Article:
Archive

Film is Evil, Radio is Good

By and large images tend to always be in the lead, always run­ning ahead because of ease of con­sump­tion, because it requires less brain pro­cess­ing on our parts. But text is nev­er oblit­er­at­ed.

Parag Khanna on the Ideal World

For most peo­ple on an indi­vid­u­al lev­el most the time, their future still feels very dif­fer­ent from that of oth­er peo­ple. We live in a world, for exam­ple, of enor­mous income inequal­i­ty, right. So even though there is a glob­al econ­o­my, it cer­tain­ly doesn’t feel like one’s sort of day-to-day fate or des­tiny is linked to those of peo­ple around the world, even if it is in very invis­i­ble kinds of ways.

Margaret Atwood on Fiction, the Future, and the Environment

We have already changed the world a lot, not always for the bet­ter. Some of it’s for the bet­ter, as far as we human beings are con­cerned. But every time we invent a new tech­nol­o­gy, we like to play with that tech­nol­o­gy, and we don’t always fore­see the con­se­quences.

Who and What Will Get to Think the Future?

There’s already a kind of cog­ni­tive invest­ment that we make, you know. At a cer­tain point, you have years of your per­son­al his­to­ry liv­ing in somebody’s cloud. And that goes beyond mere­ly being a mem­o­ry bank, it’s also a cog­ni­tive bank in some way.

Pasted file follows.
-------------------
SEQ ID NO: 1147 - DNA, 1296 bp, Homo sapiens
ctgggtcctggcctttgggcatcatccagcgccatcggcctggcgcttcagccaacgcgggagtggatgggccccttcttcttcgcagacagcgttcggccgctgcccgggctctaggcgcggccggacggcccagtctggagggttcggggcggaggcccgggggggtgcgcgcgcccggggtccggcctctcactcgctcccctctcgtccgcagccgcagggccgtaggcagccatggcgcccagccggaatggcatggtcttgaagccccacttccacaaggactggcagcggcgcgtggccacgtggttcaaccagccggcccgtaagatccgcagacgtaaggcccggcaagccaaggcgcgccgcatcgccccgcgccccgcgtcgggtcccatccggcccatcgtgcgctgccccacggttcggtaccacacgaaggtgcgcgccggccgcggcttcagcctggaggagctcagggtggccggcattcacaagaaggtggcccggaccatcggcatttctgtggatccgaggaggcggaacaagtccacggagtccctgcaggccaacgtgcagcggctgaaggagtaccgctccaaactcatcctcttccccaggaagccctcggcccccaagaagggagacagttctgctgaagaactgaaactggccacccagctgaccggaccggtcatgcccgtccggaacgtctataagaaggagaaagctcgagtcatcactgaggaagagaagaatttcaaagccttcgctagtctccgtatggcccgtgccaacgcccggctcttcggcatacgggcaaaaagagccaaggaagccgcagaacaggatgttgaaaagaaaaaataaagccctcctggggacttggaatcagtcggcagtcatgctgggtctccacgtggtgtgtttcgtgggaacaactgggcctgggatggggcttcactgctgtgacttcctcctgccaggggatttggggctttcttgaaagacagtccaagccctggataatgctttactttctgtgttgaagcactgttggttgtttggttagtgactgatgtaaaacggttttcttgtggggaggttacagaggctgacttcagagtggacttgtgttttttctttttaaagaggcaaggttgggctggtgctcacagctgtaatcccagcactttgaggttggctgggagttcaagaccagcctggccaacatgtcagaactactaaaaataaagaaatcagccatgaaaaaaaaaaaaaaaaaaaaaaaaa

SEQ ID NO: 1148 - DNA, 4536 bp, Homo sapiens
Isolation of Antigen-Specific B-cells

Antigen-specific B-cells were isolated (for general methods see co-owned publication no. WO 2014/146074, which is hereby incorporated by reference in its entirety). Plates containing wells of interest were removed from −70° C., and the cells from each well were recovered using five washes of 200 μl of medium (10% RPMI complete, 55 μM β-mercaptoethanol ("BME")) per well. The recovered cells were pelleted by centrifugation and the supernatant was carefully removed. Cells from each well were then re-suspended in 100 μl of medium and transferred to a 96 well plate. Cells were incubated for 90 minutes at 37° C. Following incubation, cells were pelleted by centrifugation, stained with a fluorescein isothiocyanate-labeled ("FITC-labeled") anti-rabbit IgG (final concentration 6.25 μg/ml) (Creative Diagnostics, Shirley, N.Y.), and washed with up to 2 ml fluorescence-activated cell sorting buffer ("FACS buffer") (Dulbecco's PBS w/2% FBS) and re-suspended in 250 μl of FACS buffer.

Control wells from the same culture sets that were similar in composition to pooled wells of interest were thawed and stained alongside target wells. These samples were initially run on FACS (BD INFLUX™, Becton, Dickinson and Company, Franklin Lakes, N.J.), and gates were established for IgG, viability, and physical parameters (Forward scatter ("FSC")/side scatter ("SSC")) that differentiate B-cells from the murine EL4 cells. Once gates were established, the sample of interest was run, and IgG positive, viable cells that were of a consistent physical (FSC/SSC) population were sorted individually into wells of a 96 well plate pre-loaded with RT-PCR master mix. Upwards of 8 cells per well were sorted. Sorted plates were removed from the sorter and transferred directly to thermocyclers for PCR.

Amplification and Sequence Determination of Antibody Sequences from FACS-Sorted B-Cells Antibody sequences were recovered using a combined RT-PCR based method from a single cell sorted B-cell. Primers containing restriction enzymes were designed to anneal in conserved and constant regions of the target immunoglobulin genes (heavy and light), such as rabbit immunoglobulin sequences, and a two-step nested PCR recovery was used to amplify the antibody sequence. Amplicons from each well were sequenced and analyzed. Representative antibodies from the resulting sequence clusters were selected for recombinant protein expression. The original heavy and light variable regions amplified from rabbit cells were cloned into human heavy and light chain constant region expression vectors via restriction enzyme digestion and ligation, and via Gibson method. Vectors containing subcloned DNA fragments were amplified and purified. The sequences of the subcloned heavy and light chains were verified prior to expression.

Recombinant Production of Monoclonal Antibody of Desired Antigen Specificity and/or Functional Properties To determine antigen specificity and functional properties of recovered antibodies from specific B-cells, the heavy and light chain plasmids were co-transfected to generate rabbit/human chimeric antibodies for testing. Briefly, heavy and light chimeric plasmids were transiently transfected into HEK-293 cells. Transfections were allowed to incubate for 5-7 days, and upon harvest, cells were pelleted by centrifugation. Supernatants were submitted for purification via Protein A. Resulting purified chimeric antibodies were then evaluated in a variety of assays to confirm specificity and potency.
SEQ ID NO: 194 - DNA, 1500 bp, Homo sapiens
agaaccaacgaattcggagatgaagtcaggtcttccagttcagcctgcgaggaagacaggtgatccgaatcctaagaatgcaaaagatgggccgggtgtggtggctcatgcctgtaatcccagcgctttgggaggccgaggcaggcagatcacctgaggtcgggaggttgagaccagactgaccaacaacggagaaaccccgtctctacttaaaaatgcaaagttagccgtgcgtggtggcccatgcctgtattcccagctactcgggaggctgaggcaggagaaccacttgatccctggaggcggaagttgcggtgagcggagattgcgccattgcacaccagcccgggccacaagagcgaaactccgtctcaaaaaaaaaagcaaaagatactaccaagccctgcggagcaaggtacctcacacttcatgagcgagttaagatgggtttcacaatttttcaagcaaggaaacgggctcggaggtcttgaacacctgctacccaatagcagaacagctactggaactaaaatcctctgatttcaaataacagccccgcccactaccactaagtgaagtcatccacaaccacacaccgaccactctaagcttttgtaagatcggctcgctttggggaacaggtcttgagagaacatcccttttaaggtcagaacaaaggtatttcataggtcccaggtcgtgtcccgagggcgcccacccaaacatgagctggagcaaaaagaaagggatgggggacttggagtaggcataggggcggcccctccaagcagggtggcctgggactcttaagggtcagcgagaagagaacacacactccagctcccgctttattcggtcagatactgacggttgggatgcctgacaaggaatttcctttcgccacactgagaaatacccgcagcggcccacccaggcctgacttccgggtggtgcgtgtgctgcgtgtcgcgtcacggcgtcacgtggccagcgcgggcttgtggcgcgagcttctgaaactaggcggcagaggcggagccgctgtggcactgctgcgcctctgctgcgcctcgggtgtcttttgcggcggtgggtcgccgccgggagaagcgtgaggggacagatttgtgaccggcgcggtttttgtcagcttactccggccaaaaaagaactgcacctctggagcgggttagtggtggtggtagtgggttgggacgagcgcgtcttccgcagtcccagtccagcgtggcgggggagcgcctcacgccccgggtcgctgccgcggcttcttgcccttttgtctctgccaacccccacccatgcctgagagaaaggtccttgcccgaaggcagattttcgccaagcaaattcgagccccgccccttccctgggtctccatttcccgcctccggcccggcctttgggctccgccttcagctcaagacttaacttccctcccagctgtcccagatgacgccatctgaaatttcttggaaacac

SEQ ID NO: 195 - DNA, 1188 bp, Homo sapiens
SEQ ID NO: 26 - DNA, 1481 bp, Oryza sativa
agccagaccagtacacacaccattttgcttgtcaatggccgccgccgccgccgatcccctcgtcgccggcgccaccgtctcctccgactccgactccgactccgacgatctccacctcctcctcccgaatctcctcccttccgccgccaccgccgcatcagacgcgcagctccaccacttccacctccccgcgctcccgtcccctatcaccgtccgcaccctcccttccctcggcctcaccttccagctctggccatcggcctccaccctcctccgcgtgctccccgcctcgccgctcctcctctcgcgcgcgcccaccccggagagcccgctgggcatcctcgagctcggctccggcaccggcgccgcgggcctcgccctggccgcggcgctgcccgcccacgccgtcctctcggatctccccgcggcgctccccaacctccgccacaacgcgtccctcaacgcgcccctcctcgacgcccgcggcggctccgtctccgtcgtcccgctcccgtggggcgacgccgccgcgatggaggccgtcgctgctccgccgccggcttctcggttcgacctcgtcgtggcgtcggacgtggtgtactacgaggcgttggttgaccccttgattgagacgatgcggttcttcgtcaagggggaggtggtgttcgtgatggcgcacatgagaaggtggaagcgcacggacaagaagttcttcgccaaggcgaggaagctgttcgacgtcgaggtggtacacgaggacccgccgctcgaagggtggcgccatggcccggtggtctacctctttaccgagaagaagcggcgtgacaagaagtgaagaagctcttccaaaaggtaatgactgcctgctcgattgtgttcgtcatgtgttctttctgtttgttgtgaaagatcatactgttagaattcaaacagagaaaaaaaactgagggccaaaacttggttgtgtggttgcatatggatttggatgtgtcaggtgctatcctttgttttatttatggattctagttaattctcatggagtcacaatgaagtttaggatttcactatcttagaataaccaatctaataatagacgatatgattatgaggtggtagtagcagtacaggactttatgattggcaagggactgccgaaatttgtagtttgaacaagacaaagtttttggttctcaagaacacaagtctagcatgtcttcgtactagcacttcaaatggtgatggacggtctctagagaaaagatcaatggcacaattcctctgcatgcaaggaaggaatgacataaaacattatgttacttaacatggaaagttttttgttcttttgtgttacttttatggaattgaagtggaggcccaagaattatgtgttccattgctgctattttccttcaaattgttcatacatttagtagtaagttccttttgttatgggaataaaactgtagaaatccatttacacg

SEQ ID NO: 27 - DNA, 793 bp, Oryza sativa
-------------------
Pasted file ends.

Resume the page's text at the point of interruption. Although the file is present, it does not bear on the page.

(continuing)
Building Resilient Cities Through Restoration of Fragmented Urban Ecosystems

Cities form a vast glob­al net­work con­nect­ed by flows of ener­gy, food, infor­ma­tion. This glob­al net­work is the chal­lenge of the 21st cen­tu­ry. How do we make more sus­tain­able cities, with small­er eco­log­i­cal foot­prints and more equi­table human well­be­ing?

Ingrid Burrington at Haunted Machines

I think there’s some­thing inter­est­ing about a dis­ci­pline that his­tor­i­cal­ly is tied to polit­i­cal intrigue, to secre­cy, being linked into this debate over what is good mag­ic or true divine mag­ic, and what is the work of demons. And I think there is some­thing inter­est­ing to be said about the moment we are in right now and how states them­selves kind of iden­ti­fy and invent exis­ten­tial threats to jus­ti­fy their own behav­ior.

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